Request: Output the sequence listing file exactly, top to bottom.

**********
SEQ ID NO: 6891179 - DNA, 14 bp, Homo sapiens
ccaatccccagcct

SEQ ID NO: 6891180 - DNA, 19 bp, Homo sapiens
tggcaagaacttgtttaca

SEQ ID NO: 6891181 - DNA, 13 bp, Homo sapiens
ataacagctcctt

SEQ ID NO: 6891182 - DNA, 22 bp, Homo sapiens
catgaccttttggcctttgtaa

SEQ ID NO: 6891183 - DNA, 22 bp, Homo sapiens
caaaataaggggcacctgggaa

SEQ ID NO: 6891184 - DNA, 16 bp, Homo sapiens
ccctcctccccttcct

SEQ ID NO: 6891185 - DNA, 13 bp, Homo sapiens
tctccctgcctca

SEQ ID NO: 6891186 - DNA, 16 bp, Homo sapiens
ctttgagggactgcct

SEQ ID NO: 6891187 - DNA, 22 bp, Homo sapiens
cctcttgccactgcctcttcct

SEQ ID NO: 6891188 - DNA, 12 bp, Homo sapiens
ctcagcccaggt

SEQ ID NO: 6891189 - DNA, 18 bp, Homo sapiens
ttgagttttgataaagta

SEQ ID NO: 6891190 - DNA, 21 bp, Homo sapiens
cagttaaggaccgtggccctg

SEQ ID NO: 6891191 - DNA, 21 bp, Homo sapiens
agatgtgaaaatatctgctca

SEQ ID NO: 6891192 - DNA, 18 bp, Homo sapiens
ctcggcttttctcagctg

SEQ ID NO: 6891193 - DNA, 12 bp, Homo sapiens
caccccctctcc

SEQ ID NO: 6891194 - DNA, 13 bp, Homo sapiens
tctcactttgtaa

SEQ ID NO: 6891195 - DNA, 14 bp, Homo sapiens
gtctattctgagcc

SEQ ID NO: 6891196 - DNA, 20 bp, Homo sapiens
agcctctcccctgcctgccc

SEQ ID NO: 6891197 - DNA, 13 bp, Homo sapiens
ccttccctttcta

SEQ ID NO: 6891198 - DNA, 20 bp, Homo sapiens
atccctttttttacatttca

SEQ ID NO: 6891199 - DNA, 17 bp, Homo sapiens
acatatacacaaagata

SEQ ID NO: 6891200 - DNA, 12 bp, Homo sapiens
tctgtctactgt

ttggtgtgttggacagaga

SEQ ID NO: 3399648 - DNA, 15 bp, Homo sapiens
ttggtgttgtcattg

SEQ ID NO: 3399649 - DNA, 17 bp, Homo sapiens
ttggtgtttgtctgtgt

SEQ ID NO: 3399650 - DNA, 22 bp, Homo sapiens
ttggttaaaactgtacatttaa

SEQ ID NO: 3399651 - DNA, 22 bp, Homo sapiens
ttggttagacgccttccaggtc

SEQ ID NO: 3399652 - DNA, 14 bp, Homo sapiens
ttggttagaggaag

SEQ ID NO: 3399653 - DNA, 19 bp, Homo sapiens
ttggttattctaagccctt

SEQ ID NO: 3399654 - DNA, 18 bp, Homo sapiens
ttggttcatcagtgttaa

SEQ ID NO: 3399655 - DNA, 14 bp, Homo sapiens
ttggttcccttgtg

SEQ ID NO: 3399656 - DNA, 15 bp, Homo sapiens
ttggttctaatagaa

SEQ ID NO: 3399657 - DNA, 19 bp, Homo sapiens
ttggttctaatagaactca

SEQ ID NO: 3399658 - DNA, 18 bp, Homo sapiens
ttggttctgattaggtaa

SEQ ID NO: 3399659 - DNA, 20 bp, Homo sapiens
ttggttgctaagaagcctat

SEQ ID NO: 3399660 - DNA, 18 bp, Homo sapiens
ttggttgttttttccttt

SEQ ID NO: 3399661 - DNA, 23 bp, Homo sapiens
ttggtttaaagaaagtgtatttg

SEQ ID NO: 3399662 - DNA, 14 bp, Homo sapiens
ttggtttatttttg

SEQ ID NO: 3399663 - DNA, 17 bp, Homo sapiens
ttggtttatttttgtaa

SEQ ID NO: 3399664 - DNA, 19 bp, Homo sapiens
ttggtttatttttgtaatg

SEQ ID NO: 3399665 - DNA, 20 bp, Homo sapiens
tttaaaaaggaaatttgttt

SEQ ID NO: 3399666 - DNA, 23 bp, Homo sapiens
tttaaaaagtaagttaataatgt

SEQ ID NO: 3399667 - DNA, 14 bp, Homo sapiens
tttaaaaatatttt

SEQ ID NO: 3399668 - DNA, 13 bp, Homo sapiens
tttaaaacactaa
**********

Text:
SEQ ID NO: 6891179 - DNA, 14 bp, Homo sapiens
ccaatccccagcct

SEQ ID NO: 6891180 - DNA, 19 bp, Homo sapiens
tggcaagaacttgtttaca

SEQ ID NO: 6891181 - DNA, 13 bp, Homo sapiens
ataacagctcctt

SEQ ID NO: 6891182 - DNA, 22 bp, Homo sapiens
catgaccttttggcctttgtaa

SEQ ID NO: 6891183 - DNA, 22 bp, Homo sapiens
caaaataaggggcacctgggaa

SEQ ID NO: 6891184 - DNA, 16 bp, Homo sapiens
ccctcctccccttcct

SEQ ID NO: 6891185 - DNA, 13 bp, Homo sapiens
tctccctgcctca

SEQ ID NO: 6891186 - DNA, 16 bp, Homo sapiens
ctttgagggactgcct

SEQ ID NO: 6891187 - DNA, 22 bp, Homo sapiens
cctcttgccactgcctcttcct

SEQ ID NO: 6891188 - DNA, 12 bp, Homo sapiens
ctcagcccaggt

SEQ ID NO: 6891189 - DNA, 18 bp, Homo sapiens
ttgagttttgataaagta

SEQ ID NO: 6891190 - DNA, 21 bp, Homo sapiens
cagttaaggaccgtggccctg

SEQ ID NO: 6891191 - DNA, 21 bp, Homo sapiens
agatgtgaaaatatctgctca

SEQ ID NO: 6891192 - DNA, 18 bp, Homo sapiens
ctcggcttttctcagctg

SEQ ID NO: 6891193 - DNA, 12 bp, Homo sapiens
caccccctctcc

SEQ ID NO: 6891194 - DNA, 13 bp, Homo sapiens
tctcactttgtaa

SEQ ID NO: 6891195 - DNA, 14 bp, Homo sapiens
gtctattctgagcc

SEQ ID NO: 6891196 - DNA, 20 bp, Homo sapiens
agcctctcccctgcctgccc

SEQ ID NO: 6891197 - DNA, 13 bp, Homo sapiens
ccttccctttcta

SEQ ID NO: 6891198 - DNA, 20 bp, Homo sapiens
atccctttttttacatttca

SEQ ID NO: 6891199 - DNA, 17 bp, Homo sapiens
acatatacacaaagata

SEQ ID NO: 6891200 - DNA, 12 bp, Homo sapiens
tctgtctactgt

ttggtgtgttggacagaga

SEQ ID NO: 3399648 - DNA, 15 bp, Homo sapiens
ttggtgttgtcattg

SEQ ID NO: 3399649 - DNA, 17 bp, Homo sapiens
ttggtgtttgtctgtgt

SEQ ID NO: 3399650 - DNA, 22 bp, Homo sapiens
ttggttaaaactgtacatttaa

SEQ ID NO: 3399651 - DNA, 22 bp, Homo sapiens
ttggttagacgccttccaggtc

SEQ ID NO: 3399652 - DNA, 14 bp, Homo sapiens
ttggttagaggaag

SEQ ID NO: 3399653 - DNA, 19 bp, Homo sapiens
ttggttattctaagccctt

SEQ ID NO: 3399654 - DNA, 18 bp, Homo sapiens
ttggttcatcagtgttaa

SEQ ID NO: 3399655 - DNA, 14 bp, Homo sapiens
ttggttcccttgtg

SEQ ID NO: 3399656 - DNA, 15 bp, Homo sapiens
ttggttctaatagaa

SEQ ID NO: 3399657 - DNA, 19 bp, Homo sapiens
ttggttctaatagaactca

SEQ ID NO: 3399658 - DNA, 18 bp, Homo sapiens
ttggttctgattaggtaa

SEQ ID NO: 3399659 - DNA, 20 bp, Homo sapiens
ttggttgctaagaagcctat

SEQ ID NO: 3399660 - DNA, 18 bp, Homo sapiens
ttggttgttttttccttt

SEQ ID NO: 3399661 - DNA, 23 bp, Homo sapiens
ttggtttaaagaaagtgtatttg

SEQ ID NO: 3399662 - DNA, 14 bp, Homo sapiens
ttggtttatttttg

SEQ ID NO: 3399663 - DNA, 17 bp, Homo sapiens
ttggtttatttttgtaa

SEQ ID NO: 3399664 - DNA, 19 bp, Homo sapiens
ttggtttatttttgtaatg

SEQ ID NO: 3399665 - DNA, 20 bp, Homo sapiens
tttaaaaaggaaatttgttt

SEQ ID NO: 3399666 - DNA, 23 bp, Homo sapiens
tttaaaaagtaagttaataatgt

SEQ ID NO: 3399667 - DNA, 14 bp, Homo sapiens
tttaaaaatatttt

SEQ ID NO: 3399668 - DNA, 13 bp, Homo sapiens
tttaaaacactaa